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Dec 30, 2019

The Police Department Introducing New Measures for Vehicle Checkpoints

Social media was abuzz over the weekend, following a leaked memo from within the Belize Police Department.  It prompted commentary from various sectors that the department was ramping up its level of profiling. Earlier this year, residents were up in arms when police officers began intercepting people and photographing them as part of the stop and search process. Well according to the leaked memo, effective immediately at all vehicular check points, “Police officers are to ensure that whenever they stop and search vehicles in which a group of persons are travelling in, a full description and photograph of the vehicle is taken and documented. Likewise, all particulars and photograph of occupants in the vehicle gotten.” Residents took to social media questioning the legality of the process. Today, ComPol Chester Williams clarified that the leaked memo was rescinded and rectified. He also clarified that the process is supported by the Constitution of Belize and the Police Act.


Chester Williams

Chester Williams, Commissioner of Police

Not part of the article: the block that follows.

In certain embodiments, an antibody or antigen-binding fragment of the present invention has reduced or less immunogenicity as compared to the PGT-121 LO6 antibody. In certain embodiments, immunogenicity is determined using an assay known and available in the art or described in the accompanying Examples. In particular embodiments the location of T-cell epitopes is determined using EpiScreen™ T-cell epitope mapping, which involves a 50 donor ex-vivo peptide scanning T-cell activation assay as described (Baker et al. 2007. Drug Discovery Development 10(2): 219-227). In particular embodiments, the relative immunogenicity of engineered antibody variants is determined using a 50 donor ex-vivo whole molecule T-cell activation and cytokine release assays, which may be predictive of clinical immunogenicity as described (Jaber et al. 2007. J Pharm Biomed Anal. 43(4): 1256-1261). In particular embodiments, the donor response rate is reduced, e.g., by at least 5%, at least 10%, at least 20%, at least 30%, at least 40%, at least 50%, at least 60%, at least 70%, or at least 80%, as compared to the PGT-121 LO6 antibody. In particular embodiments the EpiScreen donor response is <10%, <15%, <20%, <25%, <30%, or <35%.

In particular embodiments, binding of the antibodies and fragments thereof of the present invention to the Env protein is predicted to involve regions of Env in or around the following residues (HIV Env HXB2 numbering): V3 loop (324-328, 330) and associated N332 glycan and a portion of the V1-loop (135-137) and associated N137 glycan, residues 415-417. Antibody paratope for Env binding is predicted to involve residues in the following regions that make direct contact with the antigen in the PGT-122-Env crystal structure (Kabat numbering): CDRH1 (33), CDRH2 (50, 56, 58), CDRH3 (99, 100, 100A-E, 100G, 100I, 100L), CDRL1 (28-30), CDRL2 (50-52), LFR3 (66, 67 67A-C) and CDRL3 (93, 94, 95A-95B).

“Our search will be targeted. I have always said that we know who the criminals are and those who use our highways to commit criminal activities. And so we will venture to target only those persons who we believe—because again, when you apply the law—and I want to take you to section nine of the Constitution which deals with the right from protection of arbitrary search. While the Constitution do provides that every citizen is protected from arbitrary search, it does have limitations. And it says that nothing contained in this Constitution shall be deemed to be a violation of the rights if it is authorized by any law that makes reasonable provisions. And so while it gives you that right, it also specifies limitations. And so having looked at section nine and what it says in terms of any other law, I will now take you to section forty-four of the Police Act, which then gives the police the authority to search, without warrant, any person who the police have reasonable cause to believe or suspect is carrying any unlawful goods or item. And so again, when the police are conducting checkpoints, we cannot just arbitrarily search people. We have to ensure that there is reasonable cause to suspect that whoever will be searched is engaging in something illegal. And so officers will be briefed on this. Under the Constitution, it speaks to the fact that the right can be limited for public safety, national security, public interest, public health and many other things. And we see this as fitting within the ambit of public safety and national security. For far too long, our highways have been used by criminals to do as they please. We cannot any longer sit and allow the status quo to continue. As a department that is responsible for your safely, we want to do what we can to ensure that our law abiding citizens can use our highways in a more safer manner—safer from criminal activities as well as being safe from drunk drivers.”

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